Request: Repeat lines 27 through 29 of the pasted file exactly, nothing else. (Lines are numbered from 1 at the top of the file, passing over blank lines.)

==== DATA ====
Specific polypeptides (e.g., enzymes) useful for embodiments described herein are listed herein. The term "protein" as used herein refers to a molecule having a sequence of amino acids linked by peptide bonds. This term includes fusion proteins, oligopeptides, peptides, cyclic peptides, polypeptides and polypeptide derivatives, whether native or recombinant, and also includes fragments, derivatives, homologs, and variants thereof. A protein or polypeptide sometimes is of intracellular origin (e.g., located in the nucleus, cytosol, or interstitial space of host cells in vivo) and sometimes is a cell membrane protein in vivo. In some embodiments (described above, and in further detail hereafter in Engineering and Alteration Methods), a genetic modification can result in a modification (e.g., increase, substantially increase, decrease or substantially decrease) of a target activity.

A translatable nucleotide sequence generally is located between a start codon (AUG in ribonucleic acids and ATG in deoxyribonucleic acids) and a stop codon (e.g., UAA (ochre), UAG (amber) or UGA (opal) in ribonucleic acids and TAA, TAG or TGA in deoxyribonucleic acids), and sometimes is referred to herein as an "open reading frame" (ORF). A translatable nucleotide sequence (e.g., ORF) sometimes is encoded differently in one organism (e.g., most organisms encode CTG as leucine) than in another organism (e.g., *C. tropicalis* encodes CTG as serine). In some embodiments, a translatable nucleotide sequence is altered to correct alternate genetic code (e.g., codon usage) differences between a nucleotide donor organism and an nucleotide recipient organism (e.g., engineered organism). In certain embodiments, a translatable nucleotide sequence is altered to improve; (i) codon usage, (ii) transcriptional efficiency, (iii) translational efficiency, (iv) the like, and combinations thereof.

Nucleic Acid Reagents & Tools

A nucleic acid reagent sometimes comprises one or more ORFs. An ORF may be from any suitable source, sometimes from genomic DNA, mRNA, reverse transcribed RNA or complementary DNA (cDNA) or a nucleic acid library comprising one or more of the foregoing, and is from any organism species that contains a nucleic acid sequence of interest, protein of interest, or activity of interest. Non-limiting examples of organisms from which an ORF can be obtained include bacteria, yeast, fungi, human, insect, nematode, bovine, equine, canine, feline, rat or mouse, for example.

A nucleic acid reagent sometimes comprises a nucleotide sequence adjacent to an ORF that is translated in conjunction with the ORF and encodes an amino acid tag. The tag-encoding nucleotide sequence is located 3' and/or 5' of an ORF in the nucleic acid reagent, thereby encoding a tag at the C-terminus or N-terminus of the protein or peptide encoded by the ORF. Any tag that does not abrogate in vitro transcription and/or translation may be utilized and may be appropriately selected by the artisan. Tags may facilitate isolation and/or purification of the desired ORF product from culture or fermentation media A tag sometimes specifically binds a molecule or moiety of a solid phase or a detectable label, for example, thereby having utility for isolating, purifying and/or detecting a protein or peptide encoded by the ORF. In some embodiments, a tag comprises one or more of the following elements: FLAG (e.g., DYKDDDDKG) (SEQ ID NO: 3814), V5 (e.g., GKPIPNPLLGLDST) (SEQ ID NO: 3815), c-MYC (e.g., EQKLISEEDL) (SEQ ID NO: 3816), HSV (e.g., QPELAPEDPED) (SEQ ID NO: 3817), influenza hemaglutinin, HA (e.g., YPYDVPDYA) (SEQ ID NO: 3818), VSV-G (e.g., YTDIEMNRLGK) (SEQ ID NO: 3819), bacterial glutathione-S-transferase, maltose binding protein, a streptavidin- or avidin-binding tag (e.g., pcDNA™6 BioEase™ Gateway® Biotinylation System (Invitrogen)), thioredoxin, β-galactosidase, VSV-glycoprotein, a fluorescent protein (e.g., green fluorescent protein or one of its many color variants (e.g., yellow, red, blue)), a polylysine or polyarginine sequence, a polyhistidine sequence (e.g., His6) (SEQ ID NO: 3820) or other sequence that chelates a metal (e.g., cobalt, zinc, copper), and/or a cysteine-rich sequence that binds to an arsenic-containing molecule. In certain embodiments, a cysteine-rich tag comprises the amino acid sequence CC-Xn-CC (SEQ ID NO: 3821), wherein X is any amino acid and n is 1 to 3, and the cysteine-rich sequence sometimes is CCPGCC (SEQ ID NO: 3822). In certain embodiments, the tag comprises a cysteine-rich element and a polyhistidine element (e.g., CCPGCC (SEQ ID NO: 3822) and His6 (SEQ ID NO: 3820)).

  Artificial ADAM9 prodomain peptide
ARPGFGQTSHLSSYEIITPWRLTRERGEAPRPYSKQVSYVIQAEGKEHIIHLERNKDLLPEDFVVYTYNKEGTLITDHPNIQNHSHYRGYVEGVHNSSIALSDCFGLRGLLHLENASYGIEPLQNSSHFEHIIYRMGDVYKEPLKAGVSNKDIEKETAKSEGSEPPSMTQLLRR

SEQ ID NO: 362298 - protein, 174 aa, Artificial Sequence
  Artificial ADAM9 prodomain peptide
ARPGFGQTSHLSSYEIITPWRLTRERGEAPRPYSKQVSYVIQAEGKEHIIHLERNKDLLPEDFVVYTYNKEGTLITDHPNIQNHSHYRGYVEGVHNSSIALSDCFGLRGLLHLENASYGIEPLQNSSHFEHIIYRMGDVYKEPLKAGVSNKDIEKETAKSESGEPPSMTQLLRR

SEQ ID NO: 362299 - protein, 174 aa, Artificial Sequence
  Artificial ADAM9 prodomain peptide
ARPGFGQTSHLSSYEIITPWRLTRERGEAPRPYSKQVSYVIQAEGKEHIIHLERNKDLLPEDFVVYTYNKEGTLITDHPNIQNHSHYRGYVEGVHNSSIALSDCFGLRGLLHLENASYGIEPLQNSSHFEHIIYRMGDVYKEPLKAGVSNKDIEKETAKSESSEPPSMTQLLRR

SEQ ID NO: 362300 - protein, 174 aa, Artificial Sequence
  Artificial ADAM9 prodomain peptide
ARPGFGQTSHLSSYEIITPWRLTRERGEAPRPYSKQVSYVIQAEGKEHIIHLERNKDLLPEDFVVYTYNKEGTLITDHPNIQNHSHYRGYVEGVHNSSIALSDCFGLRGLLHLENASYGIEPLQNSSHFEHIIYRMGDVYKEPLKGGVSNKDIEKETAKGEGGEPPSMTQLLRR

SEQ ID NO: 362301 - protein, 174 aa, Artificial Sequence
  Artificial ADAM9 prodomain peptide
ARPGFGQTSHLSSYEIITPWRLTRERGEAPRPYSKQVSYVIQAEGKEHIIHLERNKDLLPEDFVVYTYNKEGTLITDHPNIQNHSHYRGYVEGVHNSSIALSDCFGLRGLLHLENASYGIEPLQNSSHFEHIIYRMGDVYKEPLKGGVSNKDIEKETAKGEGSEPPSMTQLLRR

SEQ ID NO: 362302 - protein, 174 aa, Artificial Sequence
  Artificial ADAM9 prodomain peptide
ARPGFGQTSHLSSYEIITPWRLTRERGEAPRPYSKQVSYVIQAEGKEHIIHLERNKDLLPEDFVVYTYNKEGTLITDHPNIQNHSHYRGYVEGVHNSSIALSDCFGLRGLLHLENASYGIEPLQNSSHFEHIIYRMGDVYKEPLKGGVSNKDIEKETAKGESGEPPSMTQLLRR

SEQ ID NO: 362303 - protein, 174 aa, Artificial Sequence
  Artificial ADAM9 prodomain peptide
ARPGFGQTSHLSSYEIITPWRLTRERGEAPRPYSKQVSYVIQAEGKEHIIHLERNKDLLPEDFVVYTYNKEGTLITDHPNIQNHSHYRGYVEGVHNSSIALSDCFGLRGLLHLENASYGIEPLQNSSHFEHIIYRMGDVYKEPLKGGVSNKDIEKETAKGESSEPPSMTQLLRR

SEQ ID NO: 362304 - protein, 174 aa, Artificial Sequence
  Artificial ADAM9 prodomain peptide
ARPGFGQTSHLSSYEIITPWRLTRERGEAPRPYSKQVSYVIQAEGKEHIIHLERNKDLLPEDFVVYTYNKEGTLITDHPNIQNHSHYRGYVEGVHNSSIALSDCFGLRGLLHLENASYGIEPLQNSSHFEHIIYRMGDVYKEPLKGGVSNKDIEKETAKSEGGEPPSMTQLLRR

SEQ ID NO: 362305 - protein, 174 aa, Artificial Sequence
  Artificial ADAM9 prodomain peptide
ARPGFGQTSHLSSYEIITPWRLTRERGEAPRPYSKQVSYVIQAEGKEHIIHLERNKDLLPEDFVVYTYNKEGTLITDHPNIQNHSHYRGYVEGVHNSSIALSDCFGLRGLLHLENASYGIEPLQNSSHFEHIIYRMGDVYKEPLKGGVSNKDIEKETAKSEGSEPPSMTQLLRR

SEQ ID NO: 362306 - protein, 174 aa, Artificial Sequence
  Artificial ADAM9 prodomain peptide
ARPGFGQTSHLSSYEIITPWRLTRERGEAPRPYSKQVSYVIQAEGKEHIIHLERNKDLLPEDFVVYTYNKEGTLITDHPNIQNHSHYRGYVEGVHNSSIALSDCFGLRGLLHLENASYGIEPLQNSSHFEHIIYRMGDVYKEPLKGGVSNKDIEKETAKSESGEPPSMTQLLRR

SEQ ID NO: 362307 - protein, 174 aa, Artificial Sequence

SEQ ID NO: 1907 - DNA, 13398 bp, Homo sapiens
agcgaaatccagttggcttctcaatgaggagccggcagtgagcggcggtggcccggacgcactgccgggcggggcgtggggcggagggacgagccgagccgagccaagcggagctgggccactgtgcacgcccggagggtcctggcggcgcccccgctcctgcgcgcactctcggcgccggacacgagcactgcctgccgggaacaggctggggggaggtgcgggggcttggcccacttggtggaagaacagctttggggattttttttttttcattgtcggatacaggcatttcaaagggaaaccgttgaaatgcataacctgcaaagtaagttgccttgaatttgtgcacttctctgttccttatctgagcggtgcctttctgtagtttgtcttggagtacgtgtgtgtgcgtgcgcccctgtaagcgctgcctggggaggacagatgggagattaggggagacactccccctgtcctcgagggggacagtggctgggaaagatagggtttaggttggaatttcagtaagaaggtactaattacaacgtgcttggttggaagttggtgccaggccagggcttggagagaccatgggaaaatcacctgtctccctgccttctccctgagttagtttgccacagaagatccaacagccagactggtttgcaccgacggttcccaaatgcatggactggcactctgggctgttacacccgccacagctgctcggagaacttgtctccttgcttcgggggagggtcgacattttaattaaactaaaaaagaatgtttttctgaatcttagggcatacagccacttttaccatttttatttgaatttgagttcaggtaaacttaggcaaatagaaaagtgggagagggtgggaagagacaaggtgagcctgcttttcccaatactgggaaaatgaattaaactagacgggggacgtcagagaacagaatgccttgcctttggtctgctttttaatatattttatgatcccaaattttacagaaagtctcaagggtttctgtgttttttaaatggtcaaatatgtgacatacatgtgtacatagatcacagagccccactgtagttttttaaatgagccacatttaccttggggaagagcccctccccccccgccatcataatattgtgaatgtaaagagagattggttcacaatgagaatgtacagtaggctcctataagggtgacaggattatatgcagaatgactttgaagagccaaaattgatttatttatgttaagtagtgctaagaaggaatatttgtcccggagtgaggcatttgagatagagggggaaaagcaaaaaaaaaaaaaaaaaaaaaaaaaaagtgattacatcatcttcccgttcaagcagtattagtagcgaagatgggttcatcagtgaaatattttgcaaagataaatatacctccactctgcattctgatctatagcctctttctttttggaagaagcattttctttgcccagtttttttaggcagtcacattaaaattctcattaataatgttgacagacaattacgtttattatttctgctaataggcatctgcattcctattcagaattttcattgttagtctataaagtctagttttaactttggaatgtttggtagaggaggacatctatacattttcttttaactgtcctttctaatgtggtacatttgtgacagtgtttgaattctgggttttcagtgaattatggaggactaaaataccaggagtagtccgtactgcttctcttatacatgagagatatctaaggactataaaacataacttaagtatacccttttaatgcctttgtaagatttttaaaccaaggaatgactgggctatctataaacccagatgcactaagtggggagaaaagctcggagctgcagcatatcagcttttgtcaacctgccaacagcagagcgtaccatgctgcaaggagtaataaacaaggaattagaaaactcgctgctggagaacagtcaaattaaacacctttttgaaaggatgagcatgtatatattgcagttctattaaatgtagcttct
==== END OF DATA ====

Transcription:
  Artificial ADAM9 prodomain peptide
ARPGFGQTSHLSSYEIITPWRLTRERGEAPRPYSKQVSYVIQAEGKEHIIHLERNKDLLPEDFVVYTYNKEGTLITDHPNIQNHSHYRGYVEGVHNSSIALSDCFGLRGLLHLENASYGIEPLQNSSHFEHIIYRMGDVYKEPLKGGVSNKDIEKETAKSEGGEPPSMTQLLRR

SEQ ID NO: 362305 - protein, 174 aa, Artificial Sequence